19 Jan The Putti Room
The Putti Room takes its name from the scenes painted on the walls depicting Putti games within compartments framed by pilasters with candelabra.
The symbology connected to the representations may allude to the government’s recovery by Giovanni Sforza, after the conquest of Valentino (1500-1503). On top of the frames there is a frieze with grotesqueries and medallions in which are painted alternately profiles and Sforza coats of arms. It is thought that the room was prepared for the birth of baby Costanzo, son of Giovanni Sforza, on 24 February 1510. The décor includes pieces of different relevance and age, but pleasantly harmonised with each other. The carved stone fireplace is superbly crafted, dated between the late sixteenth and early seventeenth century, linked to the late-Mannerist Tuscan style, while the ornate decoration above includes a frame on which are painted the Mysteries of the Rosary.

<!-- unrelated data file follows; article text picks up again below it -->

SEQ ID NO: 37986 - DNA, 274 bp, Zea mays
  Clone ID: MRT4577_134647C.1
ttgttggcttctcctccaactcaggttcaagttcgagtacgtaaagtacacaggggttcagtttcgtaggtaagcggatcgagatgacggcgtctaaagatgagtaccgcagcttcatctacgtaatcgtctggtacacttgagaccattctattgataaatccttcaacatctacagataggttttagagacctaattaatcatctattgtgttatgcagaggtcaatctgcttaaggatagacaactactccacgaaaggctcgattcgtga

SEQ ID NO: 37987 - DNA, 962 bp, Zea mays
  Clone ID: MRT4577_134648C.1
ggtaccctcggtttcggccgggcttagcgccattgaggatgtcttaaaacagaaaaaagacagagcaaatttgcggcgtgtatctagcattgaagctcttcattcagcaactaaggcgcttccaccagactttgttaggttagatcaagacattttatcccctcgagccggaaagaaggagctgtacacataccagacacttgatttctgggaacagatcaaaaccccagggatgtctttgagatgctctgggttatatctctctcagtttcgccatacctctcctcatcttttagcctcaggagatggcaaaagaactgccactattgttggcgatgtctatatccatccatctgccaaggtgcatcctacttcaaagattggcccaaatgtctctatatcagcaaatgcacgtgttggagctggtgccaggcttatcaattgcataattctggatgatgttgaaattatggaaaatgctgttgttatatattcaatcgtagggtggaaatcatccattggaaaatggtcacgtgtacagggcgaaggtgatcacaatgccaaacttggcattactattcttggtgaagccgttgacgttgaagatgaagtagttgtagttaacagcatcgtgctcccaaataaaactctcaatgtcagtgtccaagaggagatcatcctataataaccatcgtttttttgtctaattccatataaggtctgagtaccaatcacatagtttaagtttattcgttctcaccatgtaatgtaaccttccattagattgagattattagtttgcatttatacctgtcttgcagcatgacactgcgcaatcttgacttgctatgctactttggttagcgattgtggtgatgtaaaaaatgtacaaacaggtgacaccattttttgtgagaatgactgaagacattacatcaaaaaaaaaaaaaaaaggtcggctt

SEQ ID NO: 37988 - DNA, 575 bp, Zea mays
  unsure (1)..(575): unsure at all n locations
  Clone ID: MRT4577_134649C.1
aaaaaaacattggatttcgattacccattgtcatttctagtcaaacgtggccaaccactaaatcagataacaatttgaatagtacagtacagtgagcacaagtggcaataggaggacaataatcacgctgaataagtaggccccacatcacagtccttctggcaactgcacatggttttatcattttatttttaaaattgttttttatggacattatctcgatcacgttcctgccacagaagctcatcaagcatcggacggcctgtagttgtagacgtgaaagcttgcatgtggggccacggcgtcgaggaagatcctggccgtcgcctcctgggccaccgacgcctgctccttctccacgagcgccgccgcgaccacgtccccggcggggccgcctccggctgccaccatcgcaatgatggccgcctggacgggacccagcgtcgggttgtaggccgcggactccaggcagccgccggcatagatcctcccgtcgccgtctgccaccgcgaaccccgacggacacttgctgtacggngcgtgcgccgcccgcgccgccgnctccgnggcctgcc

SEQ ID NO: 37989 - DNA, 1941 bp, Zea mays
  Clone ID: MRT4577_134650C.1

Putti Games, attributed to Girolamo Marchesi and Francesco Zaganelli, 1500s